Mass and Energy Analysis of Control Volumes

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1 MAE 320-Chapter 5 Mass and Energy Analysis of Control Volumes Objectives Develop the conservation of mass principle. Apply the conservation of mass principle to various systems including steady- and unsteady-flow control volumes. Apply the first law of thermodynamics as the statement of the conservation of energy principle to control volumes. Identify the energy carried by a fluid stream crossing a control surface as the sum of internal energy, flow work, kinetic energy, and potential energy of the fluid and to relate the combination of the internal energy and the flow work to the property enthalpy. Solve energy balance problems for steady-flow devices such as nozzles, compressors, turbines, throttling valves, mixers, heaters, and heat exchangers. Apply the energy balance to general unsteady-flow processes with particular emphasis on the uniform-flow process as the model for commonly encountered charging and discharging processes. The content and the pictures are from the text book: Çengel, Y. A. and Boles, M. A., Thermodynamics: An Engineering Approach, McGraw-Hill, New York, 6th Ed., 2008 Conservation of Mass Conservation of mass: Mass, like energy, is a conserved property, and it cannot be created or destroyed during a process. Closed systems: The mass of the system remain constant during a process. Control volumes: Mass can cross the boundaries, and so we must keep track of the amount of mass entering and leaving the control volume. Mass and Volume Flow Rates The differential mass flow rate of a fluid across a a small area element da c : Mass flow rate average velocity: Mass flow rate: Volume flow rate: Mass is conserved even during chemical reactions. The average velocity V avg is defined as the average speed through a cross section. The conservation of mass principle for a control volume (CV): The net mass transfer to or from a control volume during a time interval Δt is equal to the net change in the total mass within the control volume during Δt. General conservation of mass: The mass balance of a control volume: General conservation of mass in rate form: Total mass in a control volume: m CV = CV ρdv or Conservation of mass principle for an ordinary bathtub. 1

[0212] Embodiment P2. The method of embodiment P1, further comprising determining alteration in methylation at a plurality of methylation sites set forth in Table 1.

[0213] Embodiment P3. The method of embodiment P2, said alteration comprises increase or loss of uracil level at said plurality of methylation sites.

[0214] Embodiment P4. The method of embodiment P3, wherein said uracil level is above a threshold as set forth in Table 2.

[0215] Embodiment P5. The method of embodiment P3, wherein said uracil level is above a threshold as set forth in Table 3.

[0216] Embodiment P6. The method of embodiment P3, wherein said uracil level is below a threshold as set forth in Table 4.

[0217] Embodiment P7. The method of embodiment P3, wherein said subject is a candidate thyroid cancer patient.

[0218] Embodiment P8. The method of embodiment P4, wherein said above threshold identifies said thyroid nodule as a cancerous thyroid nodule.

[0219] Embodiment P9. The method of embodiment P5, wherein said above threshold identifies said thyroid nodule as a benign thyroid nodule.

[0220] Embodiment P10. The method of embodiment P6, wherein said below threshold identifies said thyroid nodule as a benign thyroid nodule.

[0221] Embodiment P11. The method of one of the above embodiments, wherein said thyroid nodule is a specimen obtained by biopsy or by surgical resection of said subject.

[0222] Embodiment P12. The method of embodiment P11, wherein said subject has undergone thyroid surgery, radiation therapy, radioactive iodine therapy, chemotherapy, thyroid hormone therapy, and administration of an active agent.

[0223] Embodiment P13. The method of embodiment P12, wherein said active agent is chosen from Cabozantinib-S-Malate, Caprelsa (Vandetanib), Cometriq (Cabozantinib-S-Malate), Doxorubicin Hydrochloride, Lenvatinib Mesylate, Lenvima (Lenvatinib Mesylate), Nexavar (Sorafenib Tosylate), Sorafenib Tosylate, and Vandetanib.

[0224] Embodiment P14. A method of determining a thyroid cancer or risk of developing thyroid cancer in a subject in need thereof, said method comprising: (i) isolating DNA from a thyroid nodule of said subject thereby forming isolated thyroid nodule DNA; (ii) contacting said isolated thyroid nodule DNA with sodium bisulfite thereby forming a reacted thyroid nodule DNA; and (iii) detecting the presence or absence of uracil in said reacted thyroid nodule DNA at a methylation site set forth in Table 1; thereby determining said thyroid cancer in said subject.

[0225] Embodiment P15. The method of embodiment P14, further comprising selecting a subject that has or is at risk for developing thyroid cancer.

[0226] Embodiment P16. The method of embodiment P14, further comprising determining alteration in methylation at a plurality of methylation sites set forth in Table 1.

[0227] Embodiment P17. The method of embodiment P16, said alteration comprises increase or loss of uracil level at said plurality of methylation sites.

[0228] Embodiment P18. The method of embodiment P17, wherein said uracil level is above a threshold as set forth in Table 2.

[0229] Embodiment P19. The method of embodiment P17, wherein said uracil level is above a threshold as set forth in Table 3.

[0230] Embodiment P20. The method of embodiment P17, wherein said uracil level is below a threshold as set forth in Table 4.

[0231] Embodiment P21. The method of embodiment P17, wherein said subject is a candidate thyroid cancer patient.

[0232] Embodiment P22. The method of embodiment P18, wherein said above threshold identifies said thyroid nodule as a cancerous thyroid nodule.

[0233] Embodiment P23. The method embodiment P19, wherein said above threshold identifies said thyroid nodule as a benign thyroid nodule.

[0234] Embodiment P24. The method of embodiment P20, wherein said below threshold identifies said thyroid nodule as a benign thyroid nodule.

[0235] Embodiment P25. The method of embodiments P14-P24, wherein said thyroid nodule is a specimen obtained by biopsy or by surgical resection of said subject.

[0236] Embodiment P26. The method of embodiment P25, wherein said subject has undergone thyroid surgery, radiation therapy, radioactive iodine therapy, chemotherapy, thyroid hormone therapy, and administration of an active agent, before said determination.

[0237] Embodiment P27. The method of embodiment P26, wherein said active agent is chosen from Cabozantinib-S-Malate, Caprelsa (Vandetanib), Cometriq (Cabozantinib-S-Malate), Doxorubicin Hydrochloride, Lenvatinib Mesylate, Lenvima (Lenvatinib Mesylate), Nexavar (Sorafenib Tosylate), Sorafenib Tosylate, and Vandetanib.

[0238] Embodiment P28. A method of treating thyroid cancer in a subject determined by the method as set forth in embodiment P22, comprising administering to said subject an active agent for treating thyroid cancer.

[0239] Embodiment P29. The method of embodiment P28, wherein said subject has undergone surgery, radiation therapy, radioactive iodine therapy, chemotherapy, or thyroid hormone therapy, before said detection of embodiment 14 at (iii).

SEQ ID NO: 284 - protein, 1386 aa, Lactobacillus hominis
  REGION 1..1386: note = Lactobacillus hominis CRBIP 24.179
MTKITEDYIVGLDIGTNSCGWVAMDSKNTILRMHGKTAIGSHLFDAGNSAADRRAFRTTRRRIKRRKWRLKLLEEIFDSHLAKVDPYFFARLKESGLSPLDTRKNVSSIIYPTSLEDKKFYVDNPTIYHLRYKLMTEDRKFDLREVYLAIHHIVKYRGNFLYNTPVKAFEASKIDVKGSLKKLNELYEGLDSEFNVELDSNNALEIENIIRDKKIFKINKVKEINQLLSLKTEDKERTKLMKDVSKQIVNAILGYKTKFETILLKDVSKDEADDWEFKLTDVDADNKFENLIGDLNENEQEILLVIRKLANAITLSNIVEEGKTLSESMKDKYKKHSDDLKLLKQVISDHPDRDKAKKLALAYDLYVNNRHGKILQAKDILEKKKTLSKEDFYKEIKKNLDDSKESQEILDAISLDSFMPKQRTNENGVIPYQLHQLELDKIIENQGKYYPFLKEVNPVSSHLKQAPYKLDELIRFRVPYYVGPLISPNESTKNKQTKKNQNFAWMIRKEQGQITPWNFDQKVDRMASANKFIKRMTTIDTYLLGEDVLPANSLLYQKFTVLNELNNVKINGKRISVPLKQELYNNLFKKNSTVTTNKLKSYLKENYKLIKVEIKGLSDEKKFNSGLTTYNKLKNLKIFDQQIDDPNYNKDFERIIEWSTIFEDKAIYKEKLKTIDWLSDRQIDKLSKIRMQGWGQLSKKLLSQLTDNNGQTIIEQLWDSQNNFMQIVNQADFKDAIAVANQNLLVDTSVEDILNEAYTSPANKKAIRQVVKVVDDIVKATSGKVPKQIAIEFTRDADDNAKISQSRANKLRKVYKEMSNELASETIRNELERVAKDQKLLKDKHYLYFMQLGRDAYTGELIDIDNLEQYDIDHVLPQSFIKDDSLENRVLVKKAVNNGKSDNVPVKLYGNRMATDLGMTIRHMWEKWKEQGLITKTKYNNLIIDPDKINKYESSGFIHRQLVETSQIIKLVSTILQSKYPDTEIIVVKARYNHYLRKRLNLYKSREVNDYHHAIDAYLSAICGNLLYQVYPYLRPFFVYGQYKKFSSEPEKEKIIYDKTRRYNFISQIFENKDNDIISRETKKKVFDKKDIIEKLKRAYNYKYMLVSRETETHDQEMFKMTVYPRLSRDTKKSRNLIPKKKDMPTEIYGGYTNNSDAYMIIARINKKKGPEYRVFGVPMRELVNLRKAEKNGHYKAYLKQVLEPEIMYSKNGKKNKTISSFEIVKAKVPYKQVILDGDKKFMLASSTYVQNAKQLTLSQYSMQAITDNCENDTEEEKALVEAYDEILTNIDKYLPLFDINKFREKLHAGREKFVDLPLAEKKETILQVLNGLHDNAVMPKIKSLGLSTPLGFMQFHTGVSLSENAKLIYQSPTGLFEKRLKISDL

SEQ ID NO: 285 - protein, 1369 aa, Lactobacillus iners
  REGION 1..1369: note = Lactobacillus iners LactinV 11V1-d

2 Mass Balance for Steady-Flow Processes During a steady-flow process, the total amount of mass contained within a control volume does not change with time (m CV = constant). Then the conservation of mass principle requires that the total amount of mass entering a control volume equal to the total amount of mass leaving it. For steady-flow processes, the mass flow rate for multiple inlets and exits: For single stream: Many engineering devices such as nozzles, diffusers, turbines, compressors, and pumps involve a single stream (only one inlet and one outlet). Conservation of mass principle for a twoinlet one-outlet steady-flow system. Special Case: Incompressible Flow The conservation of mass relations can be simplified even further when the fluid is incompressible, which is usually the case for liquids. There is no such thing as a conservation of volume principle. However, for steady flow of liquids, the volume flow rates, as well as the mass flow rates, remain constant since liquids are essentially incompressible substances. During a steady-flow process, volume flow rates are not necessarily conserved although mass flow rates are. Steady, incompressible Steady, incompressible flow (single stream) Example ft = 0.5 in 3 ft V = 2gh Example 5-2 Example Dtan k dt = 2 D jet dh 2gh 2